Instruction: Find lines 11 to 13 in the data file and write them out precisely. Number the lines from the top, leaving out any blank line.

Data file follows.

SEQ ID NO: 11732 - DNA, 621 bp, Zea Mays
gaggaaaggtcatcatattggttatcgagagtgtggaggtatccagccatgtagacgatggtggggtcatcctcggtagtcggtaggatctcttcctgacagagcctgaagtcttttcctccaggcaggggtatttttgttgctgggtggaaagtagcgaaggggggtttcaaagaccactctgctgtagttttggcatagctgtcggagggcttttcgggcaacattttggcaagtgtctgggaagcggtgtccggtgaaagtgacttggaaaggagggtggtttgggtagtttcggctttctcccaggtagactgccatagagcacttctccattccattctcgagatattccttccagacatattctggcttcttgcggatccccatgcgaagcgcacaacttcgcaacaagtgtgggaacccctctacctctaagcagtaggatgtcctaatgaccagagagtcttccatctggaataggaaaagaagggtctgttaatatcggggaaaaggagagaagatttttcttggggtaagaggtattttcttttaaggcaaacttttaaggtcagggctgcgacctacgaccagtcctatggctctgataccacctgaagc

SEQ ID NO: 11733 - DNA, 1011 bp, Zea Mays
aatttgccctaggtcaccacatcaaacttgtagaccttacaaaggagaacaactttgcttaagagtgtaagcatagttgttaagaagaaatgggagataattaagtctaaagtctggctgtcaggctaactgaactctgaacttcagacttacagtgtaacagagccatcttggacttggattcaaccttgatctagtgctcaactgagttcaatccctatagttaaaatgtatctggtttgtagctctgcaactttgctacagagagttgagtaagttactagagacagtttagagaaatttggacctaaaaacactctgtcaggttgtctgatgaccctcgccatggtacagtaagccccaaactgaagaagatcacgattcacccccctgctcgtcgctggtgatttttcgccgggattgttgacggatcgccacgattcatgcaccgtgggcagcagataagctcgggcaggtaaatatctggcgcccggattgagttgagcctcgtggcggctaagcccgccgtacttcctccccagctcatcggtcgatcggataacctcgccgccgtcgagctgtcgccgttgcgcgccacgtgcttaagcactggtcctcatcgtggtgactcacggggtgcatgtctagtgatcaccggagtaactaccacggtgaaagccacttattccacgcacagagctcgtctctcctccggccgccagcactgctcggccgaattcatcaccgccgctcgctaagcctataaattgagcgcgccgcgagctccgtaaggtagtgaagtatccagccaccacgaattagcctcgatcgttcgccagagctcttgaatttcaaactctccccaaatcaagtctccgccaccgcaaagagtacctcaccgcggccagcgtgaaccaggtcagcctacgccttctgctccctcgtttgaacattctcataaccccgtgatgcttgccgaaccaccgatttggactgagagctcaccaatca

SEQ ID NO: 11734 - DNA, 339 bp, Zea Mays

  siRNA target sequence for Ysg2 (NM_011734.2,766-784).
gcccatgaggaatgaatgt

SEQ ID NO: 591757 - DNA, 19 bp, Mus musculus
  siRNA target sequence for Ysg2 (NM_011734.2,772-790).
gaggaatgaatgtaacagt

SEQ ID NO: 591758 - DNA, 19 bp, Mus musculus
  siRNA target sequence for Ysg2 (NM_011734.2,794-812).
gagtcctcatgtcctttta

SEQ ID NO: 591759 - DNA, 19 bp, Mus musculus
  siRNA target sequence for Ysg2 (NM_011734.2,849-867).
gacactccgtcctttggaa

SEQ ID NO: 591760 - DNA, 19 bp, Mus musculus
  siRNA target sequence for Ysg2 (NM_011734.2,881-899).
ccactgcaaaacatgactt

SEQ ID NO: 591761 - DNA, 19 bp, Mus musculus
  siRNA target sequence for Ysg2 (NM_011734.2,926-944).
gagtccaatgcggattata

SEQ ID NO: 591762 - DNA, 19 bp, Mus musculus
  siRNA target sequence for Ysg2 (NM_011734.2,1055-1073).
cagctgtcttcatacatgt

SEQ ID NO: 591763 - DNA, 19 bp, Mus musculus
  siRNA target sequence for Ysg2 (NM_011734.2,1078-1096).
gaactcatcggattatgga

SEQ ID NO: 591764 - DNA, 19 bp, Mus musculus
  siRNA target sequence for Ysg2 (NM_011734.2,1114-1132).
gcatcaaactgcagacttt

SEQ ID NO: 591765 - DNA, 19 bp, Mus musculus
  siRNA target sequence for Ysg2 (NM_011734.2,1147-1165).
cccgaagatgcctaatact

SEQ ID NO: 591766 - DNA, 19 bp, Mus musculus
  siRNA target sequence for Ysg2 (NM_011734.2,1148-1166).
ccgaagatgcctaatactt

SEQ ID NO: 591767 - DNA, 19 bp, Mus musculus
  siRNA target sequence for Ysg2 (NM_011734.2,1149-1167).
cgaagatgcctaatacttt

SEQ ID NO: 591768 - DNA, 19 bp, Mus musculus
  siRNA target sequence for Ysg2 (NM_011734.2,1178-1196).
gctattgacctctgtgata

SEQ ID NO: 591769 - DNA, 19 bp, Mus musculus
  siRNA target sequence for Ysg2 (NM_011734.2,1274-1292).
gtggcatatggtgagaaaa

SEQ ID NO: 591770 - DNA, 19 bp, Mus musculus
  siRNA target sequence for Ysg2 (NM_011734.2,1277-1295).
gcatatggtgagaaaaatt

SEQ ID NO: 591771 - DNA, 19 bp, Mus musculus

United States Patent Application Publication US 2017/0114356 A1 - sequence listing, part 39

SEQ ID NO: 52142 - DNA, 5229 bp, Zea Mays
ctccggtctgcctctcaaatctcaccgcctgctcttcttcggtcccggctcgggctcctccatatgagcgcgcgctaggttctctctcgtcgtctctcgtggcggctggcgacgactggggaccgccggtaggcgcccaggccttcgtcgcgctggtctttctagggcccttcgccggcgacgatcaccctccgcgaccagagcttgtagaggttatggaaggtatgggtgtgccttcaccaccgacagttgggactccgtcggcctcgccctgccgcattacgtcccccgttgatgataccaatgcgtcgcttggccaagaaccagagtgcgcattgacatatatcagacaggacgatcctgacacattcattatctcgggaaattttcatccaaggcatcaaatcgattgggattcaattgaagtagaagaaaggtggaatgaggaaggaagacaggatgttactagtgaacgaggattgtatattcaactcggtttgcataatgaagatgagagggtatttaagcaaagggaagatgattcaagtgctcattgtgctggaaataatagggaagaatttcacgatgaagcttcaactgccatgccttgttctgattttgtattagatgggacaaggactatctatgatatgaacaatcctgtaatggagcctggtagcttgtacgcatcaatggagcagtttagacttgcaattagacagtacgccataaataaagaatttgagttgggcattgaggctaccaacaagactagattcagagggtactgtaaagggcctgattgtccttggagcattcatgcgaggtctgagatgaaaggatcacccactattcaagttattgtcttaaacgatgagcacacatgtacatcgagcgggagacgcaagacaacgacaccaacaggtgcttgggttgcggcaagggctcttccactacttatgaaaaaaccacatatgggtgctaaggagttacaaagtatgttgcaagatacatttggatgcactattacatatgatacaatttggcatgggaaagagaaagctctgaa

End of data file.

SEQ ID NO: 591758 - DNA, 19 bp, Mus musculus
  siRNA target sequence for Ysg2 (NM_011734.2,794-812).
gagtcctcatgtcctttta